Baltimore Sun’s 2023 Business and Civic Hall of Fame honoree: Sheela Murthy

Sheela Murthy is the founder and president of the Murthy Law Firm, which focuses on U.S. immigration law. She helps others navigate a process that she went through herself, coming to this country as a native of India. (Lloyd Fox/Baltimore Sun)

Growing up in India, Sheela Murthy learned there were two career paths that would garner her respect: becoming a doctor or an engineer. Any other position, she says, and she’d be considered a “nobody.”

There was just one problem with that choice.


“I hated blood, and I hate math,” says Murthy, 61.

Instead, she was driven to pursue a career in law, despite her father’s opposition. She asked an aunt, who had earned a law degree, about the field when she was in eighth grade. Murthy was determined even then to “fight for justice and the rights of the downtrodden and underprivileged,” she says.


After earning a B.A. from Stella Maris College in Chennai, India, she went on to graduate from Bangalore’s University Law College and from Harvard Law School in the United States, where she stayed.

In the U.S., the field of law garners “respect,” Murthy says. Growing up, she says she considered the country a “fabulous bastion of rights and freedoms and liberties.”

After kick-starting her career as a lawyer at firms in New York City and Baltimore, Murthy opened her own in Owings Mills in 1994. It was originally known as the Law Office of Sheela Murthy, but today is simply the Murthy Law Firm. There, she oversees around three dozen lawyers, some based in India, who are working to help clients from around the world, both individuals and companies, navigate U.S. immigration law — from seeking work visas to bringing their families to join them in the United States.

Murthy’s days are filled, in large part, with client consultations; she’s intimately familiar with the hurdles to making one’s case as an immigrant.

“I went through the immigration process personally, and I felt that the lawyer never really cared about me, took care of me,” she says. “I was determined to start a law firm where the focus was in helping, educating, empowering and taking care of others so that they would never feel like how I felt with my immigration lawyer.”

She’s also made a point of taking care of the lawyers at her firm.

Aron Finkelstein, a Baltimore native, started as an associate attorney at the Murthy Law Firm in 1999, after earning his law degree from the University of Baltimore. Today, he’s the firm’s managing attorney. He was only the second lawyer hired, he recalls, and right from the start Murthy took him under her wing, poring over cases with him, late into the evenings.

“Sheela decided that she saw something in me,” Finkelstein says. “Sheela literally built me from the ground up.”


During “pizza Fridays,” a tradition Murthy started early on at the firm, she took note that Finkelstein wasn’t partaking. When she learned that he was keeping kosher, Murthy brought in pizza that Finkelstein could eat, he says.

Her level of care — in work and in interpersonal relationships — strikes Finkelstein as special. “Sheela has an amazing skill to be able to trust people to do what they need to do, but also to educate them along the way,” he says.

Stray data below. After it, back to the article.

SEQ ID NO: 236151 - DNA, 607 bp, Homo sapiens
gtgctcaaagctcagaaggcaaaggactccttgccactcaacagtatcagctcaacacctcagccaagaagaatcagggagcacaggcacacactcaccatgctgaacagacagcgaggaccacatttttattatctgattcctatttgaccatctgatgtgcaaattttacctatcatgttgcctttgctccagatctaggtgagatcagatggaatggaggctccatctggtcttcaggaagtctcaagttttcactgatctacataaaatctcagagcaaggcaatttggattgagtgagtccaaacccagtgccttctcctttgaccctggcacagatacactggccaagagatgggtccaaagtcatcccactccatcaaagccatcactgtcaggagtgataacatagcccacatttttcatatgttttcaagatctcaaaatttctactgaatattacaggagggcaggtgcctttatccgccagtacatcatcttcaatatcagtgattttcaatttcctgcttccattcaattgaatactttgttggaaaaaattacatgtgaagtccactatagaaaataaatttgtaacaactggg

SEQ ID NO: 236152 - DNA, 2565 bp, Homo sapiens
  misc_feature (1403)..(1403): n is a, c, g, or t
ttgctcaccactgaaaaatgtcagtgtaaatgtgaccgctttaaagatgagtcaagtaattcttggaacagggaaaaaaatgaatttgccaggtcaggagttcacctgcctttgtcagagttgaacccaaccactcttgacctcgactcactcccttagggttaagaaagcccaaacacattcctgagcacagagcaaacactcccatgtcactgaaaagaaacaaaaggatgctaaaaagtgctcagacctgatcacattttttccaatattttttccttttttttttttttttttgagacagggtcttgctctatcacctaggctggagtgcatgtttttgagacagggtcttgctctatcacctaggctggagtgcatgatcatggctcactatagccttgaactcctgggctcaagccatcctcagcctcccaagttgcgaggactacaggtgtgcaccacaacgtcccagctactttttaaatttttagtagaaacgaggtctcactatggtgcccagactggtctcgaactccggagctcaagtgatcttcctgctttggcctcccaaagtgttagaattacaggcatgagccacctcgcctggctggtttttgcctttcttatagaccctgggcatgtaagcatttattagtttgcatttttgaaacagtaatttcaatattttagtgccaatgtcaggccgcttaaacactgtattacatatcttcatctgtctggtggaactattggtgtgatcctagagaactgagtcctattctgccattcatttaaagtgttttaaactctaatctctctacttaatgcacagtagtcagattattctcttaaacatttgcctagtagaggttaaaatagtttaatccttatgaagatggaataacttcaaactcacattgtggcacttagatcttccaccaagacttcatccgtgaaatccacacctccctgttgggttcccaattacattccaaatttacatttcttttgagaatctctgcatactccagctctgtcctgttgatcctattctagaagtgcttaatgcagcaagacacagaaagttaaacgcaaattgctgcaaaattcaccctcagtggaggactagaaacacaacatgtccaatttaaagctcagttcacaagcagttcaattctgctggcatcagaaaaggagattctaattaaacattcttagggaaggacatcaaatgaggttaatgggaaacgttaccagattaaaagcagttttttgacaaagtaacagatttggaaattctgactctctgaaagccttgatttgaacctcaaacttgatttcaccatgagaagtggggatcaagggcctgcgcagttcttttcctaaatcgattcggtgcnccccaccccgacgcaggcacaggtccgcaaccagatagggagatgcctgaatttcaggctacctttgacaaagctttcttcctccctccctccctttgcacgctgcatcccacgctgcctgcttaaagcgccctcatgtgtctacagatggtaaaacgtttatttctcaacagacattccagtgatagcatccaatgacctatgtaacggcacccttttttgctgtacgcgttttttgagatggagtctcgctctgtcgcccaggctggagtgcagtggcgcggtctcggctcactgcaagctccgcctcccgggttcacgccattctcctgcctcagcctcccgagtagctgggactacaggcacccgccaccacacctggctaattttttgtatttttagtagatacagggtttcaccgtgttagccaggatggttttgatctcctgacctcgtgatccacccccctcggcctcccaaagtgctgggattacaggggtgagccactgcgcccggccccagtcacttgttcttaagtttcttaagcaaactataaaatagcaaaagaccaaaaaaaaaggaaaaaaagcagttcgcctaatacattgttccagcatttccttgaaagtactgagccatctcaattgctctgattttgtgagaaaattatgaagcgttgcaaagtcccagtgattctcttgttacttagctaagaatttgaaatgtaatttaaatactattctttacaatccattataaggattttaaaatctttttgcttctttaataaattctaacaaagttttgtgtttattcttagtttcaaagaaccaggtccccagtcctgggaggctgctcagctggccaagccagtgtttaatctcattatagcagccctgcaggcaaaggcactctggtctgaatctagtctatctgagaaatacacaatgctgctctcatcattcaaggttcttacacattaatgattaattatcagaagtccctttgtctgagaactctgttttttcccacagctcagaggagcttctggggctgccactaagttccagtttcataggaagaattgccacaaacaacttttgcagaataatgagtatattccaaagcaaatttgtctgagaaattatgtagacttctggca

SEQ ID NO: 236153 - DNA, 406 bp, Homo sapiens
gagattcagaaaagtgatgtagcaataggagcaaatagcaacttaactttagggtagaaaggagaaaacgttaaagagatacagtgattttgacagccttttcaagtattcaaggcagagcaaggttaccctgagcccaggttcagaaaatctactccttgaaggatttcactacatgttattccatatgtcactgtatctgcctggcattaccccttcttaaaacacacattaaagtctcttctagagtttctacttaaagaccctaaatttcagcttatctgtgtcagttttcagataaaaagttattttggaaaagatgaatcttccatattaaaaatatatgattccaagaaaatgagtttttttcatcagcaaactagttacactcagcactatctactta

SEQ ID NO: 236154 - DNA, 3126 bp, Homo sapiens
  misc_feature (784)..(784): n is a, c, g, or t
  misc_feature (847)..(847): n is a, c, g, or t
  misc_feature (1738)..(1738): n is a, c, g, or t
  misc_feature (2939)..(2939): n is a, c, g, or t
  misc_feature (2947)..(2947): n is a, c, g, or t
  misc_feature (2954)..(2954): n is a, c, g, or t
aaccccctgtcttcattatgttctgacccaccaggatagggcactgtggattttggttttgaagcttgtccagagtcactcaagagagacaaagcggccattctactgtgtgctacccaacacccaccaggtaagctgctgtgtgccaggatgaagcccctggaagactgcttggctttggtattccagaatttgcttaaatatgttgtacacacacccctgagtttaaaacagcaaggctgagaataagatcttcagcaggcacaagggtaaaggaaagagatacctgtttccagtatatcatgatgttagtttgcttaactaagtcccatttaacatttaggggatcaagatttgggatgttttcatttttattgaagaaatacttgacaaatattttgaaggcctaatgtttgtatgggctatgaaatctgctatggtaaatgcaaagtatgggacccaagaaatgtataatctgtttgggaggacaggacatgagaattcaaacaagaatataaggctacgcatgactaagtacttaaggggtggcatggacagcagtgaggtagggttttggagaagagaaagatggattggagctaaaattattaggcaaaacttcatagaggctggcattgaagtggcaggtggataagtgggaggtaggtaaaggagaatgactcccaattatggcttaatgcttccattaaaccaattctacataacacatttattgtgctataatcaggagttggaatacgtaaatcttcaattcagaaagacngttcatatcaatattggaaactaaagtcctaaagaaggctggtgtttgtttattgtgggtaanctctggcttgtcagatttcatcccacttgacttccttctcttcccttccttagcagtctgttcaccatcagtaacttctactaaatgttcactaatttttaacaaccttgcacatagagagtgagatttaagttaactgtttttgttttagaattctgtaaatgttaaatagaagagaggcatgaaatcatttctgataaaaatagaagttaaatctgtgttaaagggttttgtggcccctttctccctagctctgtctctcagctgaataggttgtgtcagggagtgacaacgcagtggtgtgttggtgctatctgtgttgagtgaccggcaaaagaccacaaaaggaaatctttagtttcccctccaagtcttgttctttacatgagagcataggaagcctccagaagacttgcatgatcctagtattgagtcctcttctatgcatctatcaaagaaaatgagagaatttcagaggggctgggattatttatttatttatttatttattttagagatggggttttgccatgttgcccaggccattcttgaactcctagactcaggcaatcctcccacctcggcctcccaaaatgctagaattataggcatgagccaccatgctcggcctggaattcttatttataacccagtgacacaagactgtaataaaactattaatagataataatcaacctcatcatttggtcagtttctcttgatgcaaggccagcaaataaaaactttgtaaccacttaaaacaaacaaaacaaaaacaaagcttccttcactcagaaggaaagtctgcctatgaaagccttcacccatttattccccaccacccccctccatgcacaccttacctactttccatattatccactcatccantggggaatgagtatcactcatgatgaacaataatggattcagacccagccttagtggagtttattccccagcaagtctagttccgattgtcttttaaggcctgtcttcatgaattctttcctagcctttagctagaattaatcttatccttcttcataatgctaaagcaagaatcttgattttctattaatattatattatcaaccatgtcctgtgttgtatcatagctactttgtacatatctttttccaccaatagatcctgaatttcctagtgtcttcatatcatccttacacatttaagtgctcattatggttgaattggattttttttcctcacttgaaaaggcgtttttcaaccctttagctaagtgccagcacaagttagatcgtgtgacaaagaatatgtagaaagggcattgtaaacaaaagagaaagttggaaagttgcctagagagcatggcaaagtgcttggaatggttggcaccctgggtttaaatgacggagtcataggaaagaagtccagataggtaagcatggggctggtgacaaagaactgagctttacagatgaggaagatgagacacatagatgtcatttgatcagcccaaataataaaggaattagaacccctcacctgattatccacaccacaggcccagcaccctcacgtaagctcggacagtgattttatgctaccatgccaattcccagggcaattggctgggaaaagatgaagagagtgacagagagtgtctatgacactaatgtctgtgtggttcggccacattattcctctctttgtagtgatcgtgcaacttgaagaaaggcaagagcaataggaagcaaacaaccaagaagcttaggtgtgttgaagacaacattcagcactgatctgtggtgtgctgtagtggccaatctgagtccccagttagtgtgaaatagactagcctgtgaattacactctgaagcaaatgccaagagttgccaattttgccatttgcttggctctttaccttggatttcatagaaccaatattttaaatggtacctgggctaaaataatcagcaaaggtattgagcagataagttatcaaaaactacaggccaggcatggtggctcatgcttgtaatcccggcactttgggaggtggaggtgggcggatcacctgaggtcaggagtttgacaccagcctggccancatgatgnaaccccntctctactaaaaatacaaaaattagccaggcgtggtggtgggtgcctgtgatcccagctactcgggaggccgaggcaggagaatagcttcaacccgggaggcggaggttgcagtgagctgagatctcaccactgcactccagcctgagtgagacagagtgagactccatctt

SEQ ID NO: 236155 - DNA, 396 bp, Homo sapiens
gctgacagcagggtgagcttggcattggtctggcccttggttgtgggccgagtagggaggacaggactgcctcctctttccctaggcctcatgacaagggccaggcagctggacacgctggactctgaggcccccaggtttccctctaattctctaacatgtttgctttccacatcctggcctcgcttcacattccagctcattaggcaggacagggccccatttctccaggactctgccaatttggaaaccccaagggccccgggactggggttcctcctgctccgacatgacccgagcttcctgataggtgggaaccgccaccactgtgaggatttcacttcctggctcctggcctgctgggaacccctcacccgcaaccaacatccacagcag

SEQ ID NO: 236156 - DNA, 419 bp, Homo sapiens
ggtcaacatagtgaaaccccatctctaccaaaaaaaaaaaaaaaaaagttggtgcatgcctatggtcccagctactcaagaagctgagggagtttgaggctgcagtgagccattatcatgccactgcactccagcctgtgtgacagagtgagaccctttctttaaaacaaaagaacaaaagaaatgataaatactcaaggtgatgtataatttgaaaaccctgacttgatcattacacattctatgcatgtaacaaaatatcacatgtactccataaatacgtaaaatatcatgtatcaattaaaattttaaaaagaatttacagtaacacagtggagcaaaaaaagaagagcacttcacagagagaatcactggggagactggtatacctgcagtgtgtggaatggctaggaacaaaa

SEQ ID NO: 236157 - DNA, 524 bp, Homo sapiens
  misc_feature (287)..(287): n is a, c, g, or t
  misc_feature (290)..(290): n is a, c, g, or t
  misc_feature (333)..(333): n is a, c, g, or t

Says Murthy: “As I’ve grown a little bit older, and I hope wiser, [running the firm has] also been about building a strong team, being a visionary, being the team leader and mentor.”

As a child, Murthy acted as a protector to her two sisters, both of whom became doctors. She was “a great role model even back then,” Suman Nabar, an ophthalmologist since 1993, says in an email.

“The work Sheela is doing now is phenomenal,” Nabar writes. “I would love to contribute a fraction of what she has to society.”

Murthy’s father, who initially balked at his middle daughter’s chosen career, also came to appreciate the impact that she has had because of it, both in the field of law and via philanthropy.


Through the MurthyNAYAK Foundation, started in 2001 by Murthy and her husband, Vasant Nayak, she supports nonprofits in the Baltimore area and nongovernmental organizations in India, with a focus on women’s and children’s health, education, human rights and more. In 2009, Murthy pledged $1 million over five years to United Way of Central Maryland, and she’s currently in the midst of another $1 million donation, over 20 years, to the American Immigration Council, based in Washington, D.C.

“If you are fortunate to make money in your lifetime, more than you can use for yourself, to feed yourself or to put a roof over your head, the rest has to be given to empower other people,” Murthy says her father taught her. “It’s a moral and ethical obligation.”

Sheela Murthy

Age: 61

Hometown: Bangalore, India

Current residence: Lutherville; Jacksonville, Florida


Education: B.A. from Stella Maris College in Chennai, India; LL.B. from the University Law College, Bangalore University; LL.M. from Harvard University

Career highlights: President and CEO of Murthy Law Firm; associate attorney at Shapiro & Olander; associate attorney at Gordon Feinblatt

Civic and charitable activities: Board member at Baltimore Museum of Art; Board of Advisors JHPIEGO; vice chair of the board of trustees at the Maryland Institute College of Art; founder and chair of the MurthyNAYAK Foundation; legal adviser of IT Serve Alliance; chair of the Tocqueville Society of the United Way of Central Maryland

Family: Married to Vasant Nayak